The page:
An added bonus of the heated tack is that I can fill some feed buckets with water after feeding and store them in the heated tack. When the next feeding time comes around, I can make “soup” for the horses using this room temperature water and help insure that they are getting at least some water every day.
Heated Waterers – If you ever had your water line freeze and had to haul water from the house, then you will understand the value of getting the water line deep enough to not freeze and then insulate any exposed pipes. If you can afford it, spring for an automatic heated waterer. You can get consumption gauges for them so you can monitor the amount of water consumed.
Automatic heated waterers may sound like an extravagant luxury, but the reduction in your workload and the peace of mind you will have that your horse will always have access to warm water makes it worth the extra cost. If you can’t get those installed, be sure to get a frost free pipe on your water spigot and run electric heat tape on your water spigot so it doesn’t freeze. Horses drink more in the winter when their water is not freezing cold. A well hydrated horse is less likely to colic, so having warm water available to the horses in the winter is smart horse care.
Other things you can do to help keep your outdoor water trough from freezing without electricity is to wrap the tank in insulation and place a soccer ball or basketball in the tank. Assuming the horses don’t pull it out to play with, the ball will provide a way to discourage ice growth on the surface and the horses can even push down on the ball to access water underneath.
If you have electricity near the stock tank, get an inexpensive tank heater to keep the water from freezing. We prefer the sinking kind, as our horses and donkeys have been known to pull the floating style out of the tank. 2″ PVC pipe can protect the extension cords (if used) from them as well. Some bottom heaters which install through the tank’s bottom bung, and these prevent the horses from pulling them out. That being said, we prefer the drop-in sinking style because dumping and cleaning the tanks are easier with the heater removed.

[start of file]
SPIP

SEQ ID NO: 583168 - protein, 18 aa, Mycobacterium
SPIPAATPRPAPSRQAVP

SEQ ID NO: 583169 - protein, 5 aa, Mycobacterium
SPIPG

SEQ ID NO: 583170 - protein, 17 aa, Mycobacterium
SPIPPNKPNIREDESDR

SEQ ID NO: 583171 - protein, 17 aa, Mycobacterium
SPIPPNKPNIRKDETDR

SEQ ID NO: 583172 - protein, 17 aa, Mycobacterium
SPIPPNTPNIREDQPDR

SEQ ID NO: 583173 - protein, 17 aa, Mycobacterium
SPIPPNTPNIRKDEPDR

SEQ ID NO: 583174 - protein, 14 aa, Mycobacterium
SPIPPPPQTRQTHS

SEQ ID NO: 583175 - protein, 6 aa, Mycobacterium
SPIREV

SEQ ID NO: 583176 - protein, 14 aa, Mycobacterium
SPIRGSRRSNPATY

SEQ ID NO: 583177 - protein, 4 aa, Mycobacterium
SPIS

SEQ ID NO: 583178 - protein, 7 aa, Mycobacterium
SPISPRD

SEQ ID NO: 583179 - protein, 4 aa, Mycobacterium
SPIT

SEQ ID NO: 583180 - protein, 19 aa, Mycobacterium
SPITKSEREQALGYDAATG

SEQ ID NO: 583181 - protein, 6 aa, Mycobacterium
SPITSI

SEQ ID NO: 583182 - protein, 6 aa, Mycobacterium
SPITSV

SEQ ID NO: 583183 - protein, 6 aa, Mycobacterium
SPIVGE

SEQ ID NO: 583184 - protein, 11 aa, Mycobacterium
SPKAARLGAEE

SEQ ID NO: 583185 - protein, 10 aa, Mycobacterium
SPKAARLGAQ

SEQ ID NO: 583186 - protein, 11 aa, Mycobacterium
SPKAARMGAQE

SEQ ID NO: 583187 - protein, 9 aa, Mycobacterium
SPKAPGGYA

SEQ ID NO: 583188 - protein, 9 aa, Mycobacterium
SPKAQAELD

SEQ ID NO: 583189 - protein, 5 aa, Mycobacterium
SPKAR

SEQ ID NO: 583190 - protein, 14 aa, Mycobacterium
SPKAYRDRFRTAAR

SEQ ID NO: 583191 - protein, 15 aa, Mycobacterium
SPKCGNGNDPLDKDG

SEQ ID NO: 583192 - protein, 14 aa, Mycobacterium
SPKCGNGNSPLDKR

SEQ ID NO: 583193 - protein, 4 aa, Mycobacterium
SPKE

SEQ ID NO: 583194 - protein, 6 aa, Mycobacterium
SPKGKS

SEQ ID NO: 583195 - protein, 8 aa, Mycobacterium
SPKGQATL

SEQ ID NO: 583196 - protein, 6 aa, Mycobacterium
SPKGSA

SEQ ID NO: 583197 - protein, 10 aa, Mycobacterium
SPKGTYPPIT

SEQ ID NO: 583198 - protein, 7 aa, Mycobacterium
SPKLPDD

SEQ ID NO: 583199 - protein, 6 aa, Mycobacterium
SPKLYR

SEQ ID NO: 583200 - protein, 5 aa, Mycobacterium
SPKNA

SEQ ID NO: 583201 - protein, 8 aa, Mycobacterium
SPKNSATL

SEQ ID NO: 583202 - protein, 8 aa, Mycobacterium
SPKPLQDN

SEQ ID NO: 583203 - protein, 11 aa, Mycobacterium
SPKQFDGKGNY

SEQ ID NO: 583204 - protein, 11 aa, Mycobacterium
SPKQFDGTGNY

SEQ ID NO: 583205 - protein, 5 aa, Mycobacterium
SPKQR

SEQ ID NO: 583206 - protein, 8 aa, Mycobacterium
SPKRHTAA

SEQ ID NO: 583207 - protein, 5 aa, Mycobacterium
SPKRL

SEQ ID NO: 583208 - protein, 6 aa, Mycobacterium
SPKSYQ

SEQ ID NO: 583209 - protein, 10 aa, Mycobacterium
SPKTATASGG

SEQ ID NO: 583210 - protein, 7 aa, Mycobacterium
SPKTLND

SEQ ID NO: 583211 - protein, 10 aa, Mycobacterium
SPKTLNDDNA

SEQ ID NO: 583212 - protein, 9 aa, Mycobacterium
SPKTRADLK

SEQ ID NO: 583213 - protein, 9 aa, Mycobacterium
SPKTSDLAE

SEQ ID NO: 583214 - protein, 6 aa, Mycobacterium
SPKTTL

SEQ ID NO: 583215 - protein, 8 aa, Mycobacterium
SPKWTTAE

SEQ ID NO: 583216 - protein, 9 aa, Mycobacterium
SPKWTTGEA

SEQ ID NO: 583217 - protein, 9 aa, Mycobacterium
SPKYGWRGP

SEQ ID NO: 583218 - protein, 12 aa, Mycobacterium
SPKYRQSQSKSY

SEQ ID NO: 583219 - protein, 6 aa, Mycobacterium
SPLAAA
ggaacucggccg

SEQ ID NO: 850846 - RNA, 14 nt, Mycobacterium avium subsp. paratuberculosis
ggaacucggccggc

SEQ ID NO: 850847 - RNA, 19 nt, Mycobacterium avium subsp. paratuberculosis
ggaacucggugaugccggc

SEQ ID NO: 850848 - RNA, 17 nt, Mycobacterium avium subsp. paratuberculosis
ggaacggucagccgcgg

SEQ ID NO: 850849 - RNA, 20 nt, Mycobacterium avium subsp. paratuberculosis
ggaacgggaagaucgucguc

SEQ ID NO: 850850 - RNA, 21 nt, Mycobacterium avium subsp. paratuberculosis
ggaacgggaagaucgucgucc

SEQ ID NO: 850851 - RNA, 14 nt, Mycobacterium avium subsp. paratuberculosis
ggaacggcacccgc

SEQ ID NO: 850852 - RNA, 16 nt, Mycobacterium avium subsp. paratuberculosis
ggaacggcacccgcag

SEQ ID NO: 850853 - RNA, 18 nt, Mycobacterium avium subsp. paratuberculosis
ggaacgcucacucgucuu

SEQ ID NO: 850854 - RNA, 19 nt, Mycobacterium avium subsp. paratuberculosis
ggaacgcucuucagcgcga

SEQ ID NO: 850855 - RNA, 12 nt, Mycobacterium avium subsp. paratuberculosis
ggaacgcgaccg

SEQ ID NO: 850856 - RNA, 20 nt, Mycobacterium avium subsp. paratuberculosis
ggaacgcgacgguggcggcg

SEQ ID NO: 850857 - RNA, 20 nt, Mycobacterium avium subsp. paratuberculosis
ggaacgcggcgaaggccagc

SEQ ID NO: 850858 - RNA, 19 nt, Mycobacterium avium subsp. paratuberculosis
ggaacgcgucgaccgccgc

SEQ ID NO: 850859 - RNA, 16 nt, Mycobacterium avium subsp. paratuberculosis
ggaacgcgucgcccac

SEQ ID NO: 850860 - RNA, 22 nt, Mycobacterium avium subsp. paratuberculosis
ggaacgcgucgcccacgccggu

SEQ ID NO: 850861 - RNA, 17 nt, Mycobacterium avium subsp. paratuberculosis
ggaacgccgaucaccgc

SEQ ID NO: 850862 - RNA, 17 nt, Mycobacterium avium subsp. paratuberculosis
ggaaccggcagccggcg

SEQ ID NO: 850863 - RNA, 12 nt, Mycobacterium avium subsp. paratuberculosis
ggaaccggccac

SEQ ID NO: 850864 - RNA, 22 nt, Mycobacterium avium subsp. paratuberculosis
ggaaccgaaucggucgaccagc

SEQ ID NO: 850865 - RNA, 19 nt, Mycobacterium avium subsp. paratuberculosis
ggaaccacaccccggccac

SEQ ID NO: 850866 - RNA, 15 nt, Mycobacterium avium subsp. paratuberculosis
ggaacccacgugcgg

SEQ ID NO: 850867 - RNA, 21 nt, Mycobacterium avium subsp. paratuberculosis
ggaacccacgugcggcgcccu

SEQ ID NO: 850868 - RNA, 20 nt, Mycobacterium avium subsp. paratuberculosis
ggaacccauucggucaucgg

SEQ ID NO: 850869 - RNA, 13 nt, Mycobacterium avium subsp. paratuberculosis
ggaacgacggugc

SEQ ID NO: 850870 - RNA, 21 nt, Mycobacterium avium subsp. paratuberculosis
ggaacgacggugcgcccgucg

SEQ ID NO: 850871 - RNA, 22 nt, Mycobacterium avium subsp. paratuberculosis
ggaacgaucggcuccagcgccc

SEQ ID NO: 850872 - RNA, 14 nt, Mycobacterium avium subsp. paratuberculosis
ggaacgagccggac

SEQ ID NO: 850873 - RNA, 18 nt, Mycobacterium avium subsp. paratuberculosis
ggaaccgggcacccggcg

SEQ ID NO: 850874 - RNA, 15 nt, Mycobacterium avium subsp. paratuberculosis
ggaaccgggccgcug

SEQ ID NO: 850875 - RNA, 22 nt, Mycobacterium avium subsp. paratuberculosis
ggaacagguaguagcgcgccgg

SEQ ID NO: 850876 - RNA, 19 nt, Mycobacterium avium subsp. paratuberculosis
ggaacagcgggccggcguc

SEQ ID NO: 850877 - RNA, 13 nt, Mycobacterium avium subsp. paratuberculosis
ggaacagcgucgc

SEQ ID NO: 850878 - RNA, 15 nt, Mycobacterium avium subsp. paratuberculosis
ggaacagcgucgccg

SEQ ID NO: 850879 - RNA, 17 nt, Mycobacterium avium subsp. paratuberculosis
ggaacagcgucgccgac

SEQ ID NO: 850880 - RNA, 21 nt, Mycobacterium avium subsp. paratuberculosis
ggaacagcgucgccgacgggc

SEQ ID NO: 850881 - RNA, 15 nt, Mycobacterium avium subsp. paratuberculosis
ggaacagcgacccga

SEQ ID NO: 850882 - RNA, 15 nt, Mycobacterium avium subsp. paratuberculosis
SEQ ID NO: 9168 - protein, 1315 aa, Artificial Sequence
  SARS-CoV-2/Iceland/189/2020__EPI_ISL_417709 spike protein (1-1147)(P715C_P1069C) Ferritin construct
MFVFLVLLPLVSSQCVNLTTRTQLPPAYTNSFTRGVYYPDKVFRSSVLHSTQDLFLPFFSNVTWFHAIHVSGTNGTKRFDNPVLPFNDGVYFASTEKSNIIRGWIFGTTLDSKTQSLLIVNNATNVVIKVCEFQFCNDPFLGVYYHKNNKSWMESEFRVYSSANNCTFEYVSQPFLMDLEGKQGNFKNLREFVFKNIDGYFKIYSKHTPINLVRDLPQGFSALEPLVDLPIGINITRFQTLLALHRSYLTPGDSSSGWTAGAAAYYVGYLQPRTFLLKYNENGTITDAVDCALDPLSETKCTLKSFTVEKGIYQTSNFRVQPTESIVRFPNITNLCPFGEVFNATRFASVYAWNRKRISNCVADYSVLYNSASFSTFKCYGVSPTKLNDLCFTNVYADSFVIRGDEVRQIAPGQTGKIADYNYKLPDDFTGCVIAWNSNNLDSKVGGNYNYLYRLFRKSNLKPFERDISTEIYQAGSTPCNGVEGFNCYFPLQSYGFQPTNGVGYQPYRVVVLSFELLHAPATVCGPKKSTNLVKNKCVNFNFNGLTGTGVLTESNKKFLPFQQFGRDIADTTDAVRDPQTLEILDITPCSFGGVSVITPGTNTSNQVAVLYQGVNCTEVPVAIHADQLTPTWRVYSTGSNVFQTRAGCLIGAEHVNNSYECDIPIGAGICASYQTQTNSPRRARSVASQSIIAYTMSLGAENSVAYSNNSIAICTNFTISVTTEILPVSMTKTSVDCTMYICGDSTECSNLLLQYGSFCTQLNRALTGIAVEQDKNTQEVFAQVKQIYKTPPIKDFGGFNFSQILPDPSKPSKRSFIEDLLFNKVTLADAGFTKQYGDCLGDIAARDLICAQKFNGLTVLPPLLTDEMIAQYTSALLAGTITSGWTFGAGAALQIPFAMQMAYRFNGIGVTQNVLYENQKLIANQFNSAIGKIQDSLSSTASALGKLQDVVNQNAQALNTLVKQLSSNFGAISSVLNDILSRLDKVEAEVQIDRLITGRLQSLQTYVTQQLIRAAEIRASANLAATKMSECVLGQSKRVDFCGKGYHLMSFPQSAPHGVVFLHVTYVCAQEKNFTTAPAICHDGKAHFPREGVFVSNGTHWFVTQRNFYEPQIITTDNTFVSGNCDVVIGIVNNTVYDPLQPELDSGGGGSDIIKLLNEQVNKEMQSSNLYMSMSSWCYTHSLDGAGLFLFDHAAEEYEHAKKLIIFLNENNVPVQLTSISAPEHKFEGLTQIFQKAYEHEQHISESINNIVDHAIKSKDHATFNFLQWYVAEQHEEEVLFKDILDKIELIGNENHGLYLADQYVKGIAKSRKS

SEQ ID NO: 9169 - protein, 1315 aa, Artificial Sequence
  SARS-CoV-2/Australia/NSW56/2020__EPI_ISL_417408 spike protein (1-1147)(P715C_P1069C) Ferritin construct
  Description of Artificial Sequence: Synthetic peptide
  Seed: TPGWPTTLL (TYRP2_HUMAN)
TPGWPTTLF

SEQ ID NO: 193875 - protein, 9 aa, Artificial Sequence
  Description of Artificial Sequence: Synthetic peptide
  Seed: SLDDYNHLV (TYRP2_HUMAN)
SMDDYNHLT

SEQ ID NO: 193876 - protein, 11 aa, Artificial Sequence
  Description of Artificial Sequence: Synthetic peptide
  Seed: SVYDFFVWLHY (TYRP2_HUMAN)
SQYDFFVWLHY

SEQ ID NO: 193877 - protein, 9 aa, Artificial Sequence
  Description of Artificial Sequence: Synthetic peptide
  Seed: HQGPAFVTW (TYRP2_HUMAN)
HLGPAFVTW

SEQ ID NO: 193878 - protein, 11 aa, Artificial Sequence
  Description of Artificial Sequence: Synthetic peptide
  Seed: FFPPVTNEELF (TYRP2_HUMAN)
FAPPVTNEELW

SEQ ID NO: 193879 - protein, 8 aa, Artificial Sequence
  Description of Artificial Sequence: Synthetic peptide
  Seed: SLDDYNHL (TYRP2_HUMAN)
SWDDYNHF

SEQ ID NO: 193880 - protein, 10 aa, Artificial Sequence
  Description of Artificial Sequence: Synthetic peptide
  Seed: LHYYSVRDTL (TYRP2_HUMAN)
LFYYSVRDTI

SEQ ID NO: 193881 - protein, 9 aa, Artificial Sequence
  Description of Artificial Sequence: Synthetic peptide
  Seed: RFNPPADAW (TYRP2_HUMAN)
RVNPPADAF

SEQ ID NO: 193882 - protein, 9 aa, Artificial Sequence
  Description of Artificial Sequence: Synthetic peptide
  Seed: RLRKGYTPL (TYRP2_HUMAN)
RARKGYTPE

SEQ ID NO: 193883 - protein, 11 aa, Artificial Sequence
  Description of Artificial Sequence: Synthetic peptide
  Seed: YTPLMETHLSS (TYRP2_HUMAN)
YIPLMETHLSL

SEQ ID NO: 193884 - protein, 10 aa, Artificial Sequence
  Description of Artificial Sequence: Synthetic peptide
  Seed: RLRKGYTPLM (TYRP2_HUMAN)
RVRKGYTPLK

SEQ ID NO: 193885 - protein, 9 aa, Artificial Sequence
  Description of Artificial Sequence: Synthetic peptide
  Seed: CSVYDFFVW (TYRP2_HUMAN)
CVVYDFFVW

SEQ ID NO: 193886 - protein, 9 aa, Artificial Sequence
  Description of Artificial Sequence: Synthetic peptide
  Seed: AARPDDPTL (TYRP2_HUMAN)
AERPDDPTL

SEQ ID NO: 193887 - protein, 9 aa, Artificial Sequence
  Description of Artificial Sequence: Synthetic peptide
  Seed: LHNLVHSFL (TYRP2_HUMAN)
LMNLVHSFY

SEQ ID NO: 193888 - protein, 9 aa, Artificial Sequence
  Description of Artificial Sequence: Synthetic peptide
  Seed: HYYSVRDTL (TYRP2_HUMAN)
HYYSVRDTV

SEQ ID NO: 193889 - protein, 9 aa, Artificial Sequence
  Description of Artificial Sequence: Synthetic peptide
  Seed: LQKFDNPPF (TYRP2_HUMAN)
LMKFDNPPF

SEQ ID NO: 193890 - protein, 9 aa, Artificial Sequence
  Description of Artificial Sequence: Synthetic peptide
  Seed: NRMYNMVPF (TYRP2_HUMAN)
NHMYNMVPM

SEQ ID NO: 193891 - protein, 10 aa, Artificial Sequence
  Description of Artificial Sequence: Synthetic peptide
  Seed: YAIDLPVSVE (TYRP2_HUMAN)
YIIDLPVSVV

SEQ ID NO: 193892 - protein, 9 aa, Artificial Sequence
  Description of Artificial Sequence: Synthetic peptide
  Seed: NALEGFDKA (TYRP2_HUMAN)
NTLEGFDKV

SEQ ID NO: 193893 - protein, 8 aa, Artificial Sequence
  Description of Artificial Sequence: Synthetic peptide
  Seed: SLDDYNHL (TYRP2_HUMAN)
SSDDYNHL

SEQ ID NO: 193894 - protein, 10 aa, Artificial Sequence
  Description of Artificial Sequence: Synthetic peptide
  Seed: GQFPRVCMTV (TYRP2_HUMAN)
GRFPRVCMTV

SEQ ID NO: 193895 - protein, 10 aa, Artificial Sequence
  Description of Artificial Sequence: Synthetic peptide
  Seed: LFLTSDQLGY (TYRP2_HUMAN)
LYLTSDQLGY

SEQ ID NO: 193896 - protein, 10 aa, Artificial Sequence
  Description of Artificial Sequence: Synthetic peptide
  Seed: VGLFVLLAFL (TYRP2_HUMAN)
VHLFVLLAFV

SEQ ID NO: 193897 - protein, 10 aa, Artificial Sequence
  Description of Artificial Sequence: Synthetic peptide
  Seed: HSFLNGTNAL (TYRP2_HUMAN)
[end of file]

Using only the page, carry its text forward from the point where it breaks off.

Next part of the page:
Plan to have suitable electrical outlets installed so that the wire lengths are minimized. Plan on one 15-20 amp circuit for EACH water heater – doubling up heaters on a single circuit will trip the breaker.
Deep Layered Stall Bedding – Our stalls have rubber mats covered with shavings. During cold spells we add extra shavings so our horses can snuggle down in their stalls. We also put fine shavings or wood pellets down in pee areas to control the amount of urine that is spread in the stall. The fine shavings covered with larger shavings is a great way to make a comfortable bed and contain the urine.
Blankets – My guidance for blankets is if your horses are shivering they probably need blankets. My older horses always get blankets. They have a difficult enough time maintaining their weight in the winter, no sense in having them lose weight by shivering all night.
I also blanket when it is going to be wet, even when above freezing. When horses get wet, they seem to lose their natural insulation. I have found more of my horses shivering after a wet cold than a dry cold. I also blanket horses if we have an early freeze before the horses have grown their winter coats or if they have been clipped.
In general, horses are well adapted for the cold. I have to keep telling myself that I am more bothered by the cold than they are. That said, since I am the one who cares for my herd, planning a barn that provides a good windbreak and stays dry makes my life easier. Having had to chip ice off the water trough and haul water to the horses because the spigot is frozen is miserable. Planning ahead makes everything run smoother and helps keep our horses healthy.